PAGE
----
NPR’s Scott Simon speaks with Katherine Hayhoe of the Climate Science Center at Texas Tech University about a new report showing that recent extreme natural events are due to climate change. SCOTT SIMON, HOST: The federal government’s newest comprehensive report on climate change and its effects was released yesterday.
Noted atmospheric scientist Katherine Hayhoe delivers the keynote for the 2018 Penn State Colloquium on the Environment. Abstract Climate change isn’t just a problem for polar bears or future generations any more – it’s affecting us, here and now. Not only that, but the choices we make will have profound impact on our future.
Paul Allen Hunton sits down with renowned climate scientist, Katharine Hayhoe.
How to Talk About Climate Change Climate scientist Katherine Hayhoe explains how she merges her evangelical Christian faith and scientific work, and what needs to be done to win hearts and minds on the issue of climate change.
Dr. Katharine Hayhoe speaks on how she is trying to change the perception that science and faith are opposing forces. She also discuss the new documentary film series ‘Let Science Speak.’
Science is based on a shared respect for the scientific method—the principle that, by gathering and analyzing data and information, scientists and others can draw conclusions that are robust and generalizable across cultures and ideologies. Scientists furthermore assume that disagreements can be resolved by more facts. So when people object to the reality of climate… Read More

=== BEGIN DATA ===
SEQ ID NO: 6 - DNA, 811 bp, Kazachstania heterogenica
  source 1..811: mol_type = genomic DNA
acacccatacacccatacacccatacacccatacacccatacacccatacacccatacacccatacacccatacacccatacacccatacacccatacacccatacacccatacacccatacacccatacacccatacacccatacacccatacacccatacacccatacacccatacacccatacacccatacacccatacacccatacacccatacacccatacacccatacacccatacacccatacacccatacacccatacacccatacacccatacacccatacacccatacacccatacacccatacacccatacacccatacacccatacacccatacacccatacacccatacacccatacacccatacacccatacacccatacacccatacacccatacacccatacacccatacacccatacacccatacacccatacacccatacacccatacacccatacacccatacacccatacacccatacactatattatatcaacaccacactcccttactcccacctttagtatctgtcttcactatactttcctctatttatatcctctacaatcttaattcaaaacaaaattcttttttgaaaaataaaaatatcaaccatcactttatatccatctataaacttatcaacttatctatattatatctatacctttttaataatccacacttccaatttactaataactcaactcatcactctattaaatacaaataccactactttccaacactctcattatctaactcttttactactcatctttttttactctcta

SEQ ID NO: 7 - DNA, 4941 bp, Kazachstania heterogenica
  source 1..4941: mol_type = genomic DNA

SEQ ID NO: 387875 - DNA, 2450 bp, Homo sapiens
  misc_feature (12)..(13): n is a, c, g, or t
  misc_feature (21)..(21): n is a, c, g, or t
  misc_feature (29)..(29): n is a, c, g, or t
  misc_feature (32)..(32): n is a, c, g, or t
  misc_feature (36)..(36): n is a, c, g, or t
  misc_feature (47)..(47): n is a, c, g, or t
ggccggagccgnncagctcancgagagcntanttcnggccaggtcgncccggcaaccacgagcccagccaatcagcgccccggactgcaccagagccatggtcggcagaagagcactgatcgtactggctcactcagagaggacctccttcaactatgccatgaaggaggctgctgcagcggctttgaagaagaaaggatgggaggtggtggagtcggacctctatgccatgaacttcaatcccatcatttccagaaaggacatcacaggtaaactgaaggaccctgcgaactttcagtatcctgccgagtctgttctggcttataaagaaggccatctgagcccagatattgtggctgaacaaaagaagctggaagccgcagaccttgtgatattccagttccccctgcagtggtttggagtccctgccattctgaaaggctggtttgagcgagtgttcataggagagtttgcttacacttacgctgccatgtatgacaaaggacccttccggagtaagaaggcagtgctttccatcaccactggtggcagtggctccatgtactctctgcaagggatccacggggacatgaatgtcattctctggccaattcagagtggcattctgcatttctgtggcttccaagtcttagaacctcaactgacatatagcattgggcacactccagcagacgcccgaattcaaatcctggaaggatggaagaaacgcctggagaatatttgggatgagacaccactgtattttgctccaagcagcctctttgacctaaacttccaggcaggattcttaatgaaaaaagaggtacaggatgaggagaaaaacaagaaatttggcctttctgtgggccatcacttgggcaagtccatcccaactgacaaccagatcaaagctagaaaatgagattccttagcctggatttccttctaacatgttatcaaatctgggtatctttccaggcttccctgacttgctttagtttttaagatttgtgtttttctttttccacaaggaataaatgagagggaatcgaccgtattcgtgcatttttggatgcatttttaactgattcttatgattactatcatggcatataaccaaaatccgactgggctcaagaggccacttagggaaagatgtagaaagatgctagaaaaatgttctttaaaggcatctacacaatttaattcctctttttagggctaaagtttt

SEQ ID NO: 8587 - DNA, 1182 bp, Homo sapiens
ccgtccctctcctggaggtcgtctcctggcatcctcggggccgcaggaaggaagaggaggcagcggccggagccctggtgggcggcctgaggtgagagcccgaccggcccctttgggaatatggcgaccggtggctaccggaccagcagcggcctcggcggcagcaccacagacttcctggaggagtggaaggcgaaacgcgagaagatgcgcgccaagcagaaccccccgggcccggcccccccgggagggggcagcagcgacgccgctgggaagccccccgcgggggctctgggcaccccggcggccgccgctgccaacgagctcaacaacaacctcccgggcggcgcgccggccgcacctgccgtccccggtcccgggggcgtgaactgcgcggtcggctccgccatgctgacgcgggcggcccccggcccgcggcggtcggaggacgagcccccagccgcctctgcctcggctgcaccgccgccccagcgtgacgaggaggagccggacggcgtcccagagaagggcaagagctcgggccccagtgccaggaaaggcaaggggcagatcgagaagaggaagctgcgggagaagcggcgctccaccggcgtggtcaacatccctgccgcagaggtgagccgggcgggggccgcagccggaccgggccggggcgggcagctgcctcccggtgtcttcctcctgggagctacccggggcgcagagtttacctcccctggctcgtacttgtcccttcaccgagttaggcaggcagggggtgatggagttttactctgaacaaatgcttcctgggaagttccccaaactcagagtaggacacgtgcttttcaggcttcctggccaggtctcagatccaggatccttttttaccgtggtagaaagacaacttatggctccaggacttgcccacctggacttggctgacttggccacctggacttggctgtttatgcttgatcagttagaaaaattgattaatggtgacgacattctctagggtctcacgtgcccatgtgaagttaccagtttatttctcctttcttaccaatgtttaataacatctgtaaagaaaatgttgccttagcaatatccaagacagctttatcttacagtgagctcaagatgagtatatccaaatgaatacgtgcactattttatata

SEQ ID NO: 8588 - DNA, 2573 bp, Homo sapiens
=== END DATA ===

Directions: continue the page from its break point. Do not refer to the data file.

Texas Tech University Climate Science director Katharine Hayhoe thinks about her professional and personal carbon footprint all the time, and like many other scientists, she’s come to the conclusion that flying less is the best way to reduce it. As a prominent climate science communicator, she is asked to speak at numerous events each year… Read More
It is a scientist’s worst nightmare — that the facts are not enough to be convincing. But climate change skeptics are not “blank slates” who can be swayed to accept the facts of climate change with more education or different religious leanings, said Katharine Hayhoe, an atmospheric scientist from Texas Tech University, in a plenary… Read More
Like the best science communicators, Hayhoe does not hold anything back when it comes to the details of models and hypotheses. In a recent CNN interview, she was asked about the role of climate change in forming the hurricane trifecta that struck the US and Caribbean last year: Irma, Harvey, and Maria. Hayhoe explained that… Read More
Arctic feedbacks are increasingly viewed as the wild card in the climate system; but their most unpredictable and potentially dangerous aspect may lie in the human, rather than the physical, response to a warming climate. If Arctic policy is driven by agendas based on domestic resource development, the ensuing oil and gas extraction will ensure… Read More